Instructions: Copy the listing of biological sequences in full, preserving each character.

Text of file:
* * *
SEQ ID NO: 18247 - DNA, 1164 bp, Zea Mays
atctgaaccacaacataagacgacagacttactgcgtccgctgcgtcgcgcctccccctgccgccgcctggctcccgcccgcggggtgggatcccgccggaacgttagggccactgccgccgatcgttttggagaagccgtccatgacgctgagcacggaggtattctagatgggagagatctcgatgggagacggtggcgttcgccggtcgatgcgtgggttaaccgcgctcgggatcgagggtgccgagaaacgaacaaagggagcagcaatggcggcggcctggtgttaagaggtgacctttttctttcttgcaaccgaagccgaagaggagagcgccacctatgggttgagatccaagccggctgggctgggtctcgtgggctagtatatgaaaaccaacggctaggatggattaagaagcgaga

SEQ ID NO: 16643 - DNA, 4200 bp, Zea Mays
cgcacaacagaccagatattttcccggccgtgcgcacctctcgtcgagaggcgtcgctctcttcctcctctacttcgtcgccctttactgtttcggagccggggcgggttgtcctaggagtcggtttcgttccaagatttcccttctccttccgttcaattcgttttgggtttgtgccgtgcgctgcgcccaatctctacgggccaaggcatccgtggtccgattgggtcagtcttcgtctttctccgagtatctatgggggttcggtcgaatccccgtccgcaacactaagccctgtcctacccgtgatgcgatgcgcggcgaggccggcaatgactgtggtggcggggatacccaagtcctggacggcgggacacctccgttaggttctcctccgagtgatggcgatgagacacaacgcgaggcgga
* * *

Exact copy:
SEQ ID NO: 18247 - DNA, 1164 bp, Zea Mays
atctgaaccacaacataagacgacagacttactgcgtccgctgcgtcgcgcctccccctgccgccgcctggctcccgcccgcggggtgggatcccgccggaacgttagggccactgccgccgatcgttttggagaagccgtccatgacgctgagcacggaggtattctagatgggagagatctcgatgggagacggtggcgttcgccggtcgatgcgtgggttaaccgcgctcgggatcgagggtgccgagaaacgaacaaagggagcagcaatggcggcggcctggtgttaagaggtgacctttttctttcttgcaaccgaagccgaagaggagagcgccacctatgggttgagatccaagccggctgggctgggtctcgtgggctagtatatgaaaaccaacggctaggatggattaagaagcgaga

SEQ ID NO: 16643 - DNA, 4200 bp, Zea Mays
cgcacaacagaccagatattttcccggccgtgcgcacctctcgtcgagaggcgtcgctctcttcctcctctacttcgtcgccctttactgtttcggagccggggcgggttgtcctaggagtcggtttcgttccaagatttcccttctccttccgttcaattcgttttgggtttgtgccgtgcgctgcgcccaatctctacgggccaaggcatccgtggtccgattgggtcagtcttcgtctttctccgagtatctatgggggttcggtcgaatccccgtccgcaacactaagccctgtcctacccgtgatgcgatgcgcggcgaggccggcaatgactgtggtggcggggatacccaagtcctggacggcgggacacctccgttaggttctcctccgagtgatggcgatgagacacaacgcgaggcgga